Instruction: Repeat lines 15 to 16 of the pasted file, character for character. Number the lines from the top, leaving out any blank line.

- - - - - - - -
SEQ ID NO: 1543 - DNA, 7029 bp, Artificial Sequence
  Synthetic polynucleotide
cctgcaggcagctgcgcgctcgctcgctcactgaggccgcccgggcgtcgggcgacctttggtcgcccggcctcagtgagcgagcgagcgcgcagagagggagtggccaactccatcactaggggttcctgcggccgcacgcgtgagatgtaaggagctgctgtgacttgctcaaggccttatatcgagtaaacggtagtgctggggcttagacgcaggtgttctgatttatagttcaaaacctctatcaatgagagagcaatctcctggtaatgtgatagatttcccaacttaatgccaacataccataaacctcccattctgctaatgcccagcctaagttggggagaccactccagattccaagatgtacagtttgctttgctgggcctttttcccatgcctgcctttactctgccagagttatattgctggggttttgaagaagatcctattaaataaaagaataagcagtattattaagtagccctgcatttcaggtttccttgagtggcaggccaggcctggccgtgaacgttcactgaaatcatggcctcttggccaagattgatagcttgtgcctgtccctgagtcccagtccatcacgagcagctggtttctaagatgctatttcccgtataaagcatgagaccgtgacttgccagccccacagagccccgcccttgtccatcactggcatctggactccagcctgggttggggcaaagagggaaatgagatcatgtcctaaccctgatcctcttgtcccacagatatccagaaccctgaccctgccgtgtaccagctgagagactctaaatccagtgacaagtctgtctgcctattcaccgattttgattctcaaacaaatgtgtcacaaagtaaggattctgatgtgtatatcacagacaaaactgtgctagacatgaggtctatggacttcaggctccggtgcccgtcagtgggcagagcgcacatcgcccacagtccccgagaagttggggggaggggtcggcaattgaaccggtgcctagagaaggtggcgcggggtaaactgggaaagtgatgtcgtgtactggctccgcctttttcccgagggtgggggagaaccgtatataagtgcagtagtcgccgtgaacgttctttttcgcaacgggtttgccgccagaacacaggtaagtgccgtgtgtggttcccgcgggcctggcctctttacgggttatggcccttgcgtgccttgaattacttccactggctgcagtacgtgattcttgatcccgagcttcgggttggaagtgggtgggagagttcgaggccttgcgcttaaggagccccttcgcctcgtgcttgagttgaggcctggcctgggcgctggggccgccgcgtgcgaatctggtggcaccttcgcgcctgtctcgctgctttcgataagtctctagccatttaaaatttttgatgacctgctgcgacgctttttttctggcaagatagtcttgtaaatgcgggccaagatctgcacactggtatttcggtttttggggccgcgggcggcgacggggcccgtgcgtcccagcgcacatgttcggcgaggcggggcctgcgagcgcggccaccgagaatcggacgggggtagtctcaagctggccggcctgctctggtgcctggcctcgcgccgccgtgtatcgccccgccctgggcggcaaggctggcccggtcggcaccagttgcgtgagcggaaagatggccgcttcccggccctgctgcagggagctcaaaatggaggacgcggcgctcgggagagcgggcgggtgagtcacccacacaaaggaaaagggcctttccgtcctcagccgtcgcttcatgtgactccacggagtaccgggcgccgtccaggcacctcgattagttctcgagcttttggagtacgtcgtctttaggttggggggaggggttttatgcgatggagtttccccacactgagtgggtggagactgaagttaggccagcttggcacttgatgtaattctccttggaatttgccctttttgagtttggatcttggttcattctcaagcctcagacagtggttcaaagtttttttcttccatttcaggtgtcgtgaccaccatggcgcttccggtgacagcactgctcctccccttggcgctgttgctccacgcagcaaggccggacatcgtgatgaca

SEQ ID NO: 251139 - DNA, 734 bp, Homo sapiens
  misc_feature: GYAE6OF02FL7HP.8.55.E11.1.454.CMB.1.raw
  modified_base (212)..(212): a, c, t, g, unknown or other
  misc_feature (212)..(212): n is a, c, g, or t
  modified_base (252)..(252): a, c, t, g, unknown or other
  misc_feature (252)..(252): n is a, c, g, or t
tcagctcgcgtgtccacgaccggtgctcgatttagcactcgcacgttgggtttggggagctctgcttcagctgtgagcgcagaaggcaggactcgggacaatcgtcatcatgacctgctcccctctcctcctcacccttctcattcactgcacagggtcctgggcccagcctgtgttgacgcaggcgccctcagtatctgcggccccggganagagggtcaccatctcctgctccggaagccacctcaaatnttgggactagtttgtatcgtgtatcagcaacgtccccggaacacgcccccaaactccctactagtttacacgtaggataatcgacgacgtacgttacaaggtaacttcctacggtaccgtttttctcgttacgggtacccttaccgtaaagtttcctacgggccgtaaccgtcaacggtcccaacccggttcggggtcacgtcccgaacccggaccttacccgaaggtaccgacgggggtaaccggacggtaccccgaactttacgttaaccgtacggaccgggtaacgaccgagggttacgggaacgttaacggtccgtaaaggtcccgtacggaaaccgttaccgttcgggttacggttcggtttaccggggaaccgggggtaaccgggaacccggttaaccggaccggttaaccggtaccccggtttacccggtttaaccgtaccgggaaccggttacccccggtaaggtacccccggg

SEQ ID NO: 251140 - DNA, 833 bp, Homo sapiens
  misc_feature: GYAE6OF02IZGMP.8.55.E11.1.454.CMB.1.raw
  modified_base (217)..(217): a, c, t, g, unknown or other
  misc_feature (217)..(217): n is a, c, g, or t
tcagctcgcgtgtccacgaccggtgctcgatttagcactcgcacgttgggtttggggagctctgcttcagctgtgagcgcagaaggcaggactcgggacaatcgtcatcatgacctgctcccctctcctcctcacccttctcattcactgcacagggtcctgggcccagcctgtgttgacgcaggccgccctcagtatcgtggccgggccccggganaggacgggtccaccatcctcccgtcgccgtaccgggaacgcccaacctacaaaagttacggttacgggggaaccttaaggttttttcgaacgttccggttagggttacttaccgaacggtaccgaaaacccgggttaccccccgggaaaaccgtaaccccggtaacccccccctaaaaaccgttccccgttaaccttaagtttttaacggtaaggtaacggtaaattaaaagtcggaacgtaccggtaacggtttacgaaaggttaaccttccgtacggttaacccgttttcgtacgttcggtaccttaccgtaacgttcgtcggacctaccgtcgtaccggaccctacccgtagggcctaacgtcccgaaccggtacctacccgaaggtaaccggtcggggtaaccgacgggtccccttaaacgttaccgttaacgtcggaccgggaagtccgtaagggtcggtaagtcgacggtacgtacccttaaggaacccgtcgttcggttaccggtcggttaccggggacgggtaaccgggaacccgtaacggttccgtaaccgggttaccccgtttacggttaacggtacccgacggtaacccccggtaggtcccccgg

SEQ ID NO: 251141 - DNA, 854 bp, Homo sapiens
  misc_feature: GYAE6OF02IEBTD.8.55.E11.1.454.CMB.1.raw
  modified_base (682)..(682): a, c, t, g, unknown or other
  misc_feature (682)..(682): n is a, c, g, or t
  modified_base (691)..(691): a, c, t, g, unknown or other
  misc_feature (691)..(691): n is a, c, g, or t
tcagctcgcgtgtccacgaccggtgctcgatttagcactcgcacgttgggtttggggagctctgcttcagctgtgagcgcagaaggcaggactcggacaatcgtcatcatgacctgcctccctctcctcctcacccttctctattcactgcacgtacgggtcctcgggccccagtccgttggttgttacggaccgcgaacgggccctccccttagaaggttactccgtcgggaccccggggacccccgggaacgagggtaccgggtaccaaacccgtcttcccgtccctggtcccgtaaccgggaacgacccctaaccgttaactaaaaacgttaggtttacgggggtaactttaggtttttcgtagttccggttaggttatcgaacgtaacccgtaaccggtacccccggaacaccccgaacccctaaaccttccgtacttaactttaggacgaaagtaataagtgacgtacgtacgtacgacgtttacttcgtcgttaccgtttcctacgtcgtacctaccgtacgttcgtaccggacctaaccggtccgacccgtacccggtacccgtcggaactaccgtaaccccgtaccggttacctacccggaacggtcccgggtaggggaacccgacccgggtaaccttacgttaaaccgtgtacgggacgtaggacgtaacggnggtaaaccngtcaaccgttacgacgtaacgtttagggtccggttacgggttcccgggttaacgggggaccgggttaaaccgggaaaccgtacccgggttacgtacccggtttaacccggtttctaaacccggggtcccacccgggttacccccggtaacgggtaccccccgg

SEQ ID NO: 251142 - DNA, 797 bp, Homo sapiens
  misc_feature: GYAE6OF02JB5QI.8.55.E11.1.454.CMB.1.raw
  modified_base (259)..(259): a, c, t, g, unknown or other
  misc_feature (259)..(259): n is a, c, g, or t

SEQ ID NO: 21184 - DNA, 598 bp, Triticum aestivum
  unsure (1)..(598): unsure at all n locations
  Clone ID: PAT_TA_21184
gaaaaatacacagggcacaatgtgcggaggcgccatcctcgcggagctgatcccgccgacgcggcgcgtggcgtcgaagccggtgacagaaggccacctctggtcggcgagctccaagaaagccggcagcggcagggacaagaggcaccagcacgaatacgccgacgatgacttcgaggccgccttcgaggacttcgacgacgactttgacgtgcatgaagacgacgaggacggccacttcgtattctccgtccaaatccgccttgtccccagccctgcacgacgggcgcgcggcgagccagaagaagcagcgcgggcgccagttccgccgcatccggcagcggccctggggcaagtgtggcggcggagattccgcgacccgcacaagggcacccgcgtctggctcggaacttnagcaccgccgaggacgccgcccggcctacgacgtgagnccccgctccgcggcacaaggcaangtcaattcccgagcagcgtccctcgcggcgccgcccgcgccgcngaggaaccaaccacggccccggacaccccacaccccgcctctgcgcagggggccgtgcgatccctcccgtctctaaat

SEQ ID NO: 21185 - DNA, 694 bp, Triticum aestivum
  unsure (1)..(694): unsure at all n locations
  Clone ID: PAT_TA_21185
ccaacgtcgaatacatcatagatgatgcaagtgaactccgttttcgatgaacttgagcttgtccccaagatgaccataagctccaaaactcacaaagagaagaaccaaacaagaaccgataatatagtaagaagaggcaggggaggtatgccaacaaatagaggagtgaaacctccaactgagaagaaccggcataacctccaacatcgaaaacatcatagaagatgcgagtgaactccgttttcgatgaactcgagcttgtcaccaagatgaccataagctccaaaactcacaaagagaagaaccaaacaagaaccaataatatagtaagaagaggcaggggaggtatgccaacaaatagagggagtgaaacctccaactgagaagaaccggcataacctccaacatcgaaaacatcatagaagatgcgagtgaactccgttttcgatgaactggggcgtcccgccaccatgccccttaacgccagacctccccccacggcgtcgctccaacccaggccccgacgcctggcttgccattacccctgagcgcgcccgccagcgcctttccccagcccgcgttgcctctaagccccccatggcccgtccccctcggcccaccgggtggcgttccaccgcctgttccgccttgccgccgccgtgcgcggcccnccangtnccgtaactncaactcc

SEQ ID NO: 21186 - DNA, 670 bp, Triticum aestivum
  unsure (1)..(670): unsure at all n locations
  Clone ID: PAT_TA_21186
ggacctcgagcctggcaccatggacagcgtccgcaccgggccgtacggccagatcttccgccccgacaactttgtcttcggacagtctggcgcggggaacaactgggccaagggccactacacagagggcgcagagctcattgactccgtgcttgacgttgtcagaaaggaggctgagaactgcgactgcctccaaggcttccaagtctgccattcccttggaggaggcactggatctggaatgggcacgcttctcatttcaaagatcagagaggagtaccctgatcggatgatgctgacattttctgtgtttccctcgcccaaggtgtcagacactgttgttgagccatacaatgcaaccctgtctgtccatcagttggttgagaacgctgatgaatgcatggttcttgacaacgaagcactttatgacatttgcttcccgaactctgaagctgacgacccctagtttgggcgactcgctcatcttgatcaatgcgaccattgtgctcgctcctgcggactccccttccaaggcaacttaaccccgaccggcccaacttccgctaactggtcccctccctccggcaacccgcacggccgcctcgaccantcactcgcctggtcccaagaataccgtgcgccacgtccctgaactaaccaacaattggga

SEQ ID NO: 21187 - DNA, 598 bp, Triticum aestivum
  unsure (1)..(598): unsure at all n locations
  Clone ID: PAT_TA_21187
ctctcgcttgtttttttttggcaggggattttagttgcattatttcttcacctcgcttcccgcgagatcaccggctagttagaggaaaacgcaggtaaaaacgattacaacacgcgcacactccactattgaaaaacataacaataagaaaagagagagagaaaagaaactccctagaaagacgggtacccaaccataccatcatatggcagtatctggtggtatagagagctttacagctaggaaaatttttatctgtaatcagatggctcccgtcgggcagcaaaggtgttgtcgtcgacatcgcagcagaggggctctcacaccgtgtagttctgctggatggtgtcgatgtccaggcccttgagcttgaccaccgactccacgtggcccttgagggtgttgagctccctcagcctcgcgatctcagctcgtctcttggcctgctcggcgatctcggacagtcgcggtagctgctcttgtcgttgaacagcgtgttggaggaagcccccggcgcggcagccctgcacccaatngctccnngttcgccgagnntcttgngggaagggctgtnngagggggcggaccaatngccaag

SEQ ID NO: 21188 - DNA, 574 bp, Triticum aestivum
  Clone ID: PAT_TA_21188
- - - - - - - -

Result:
tcagctcgcgtgtccacgaccggtgctcgatttagcactcgcacgttgggtttggggagctctgcttcagctgtgagcgcagaaggcaggactcgggacaatcgtcatcatgacctgctcccctctcctcctcacccttctcattcactgcacagggtcctgggcccagcctgtgttgacgcaggccgccctcagtatcgtggccgggccccggganaggacgggtccaccatcctcccgtcgccgtaccgggaacgcccaacctacaaaagttacggttacgggggaaccttaaggttttttcgaacgttccggttagggttacttaccgaacggtaccgaaaacccgggttaccccccgggaaaaccgtaaccccggtaacccccccctaaaaaccgttccccgttaaccttaagtttttaacggtaaggtaacggtaaattaaaagtcggaacgtaccggtaacggtttacgaaaggttaaccttccgtacggttaacccgttttcgtacgttcggtaccttaccgtaacgttcgtcggacctaccgtcgtaccggaccctacccgtagggcctaacgtcccgaaccggtacctacccgaaggtaaccggtcggggtaaccgacgggtccccttaaacgttaccgttaacgtcggaccgggaagtccgtaagggtcggtaagtcgacggtacgtacccttaaggaacccgtcgttcggttaccggtcggttaccggggacgggtaaccgggaacccgtaacggttccgtaaccgggttaccccgtttacggttaacggtacccgacggtaacccccggtaggtcccccgg

SEQ ID NO: 251141 - DNA, 854 bp, Homo sapiens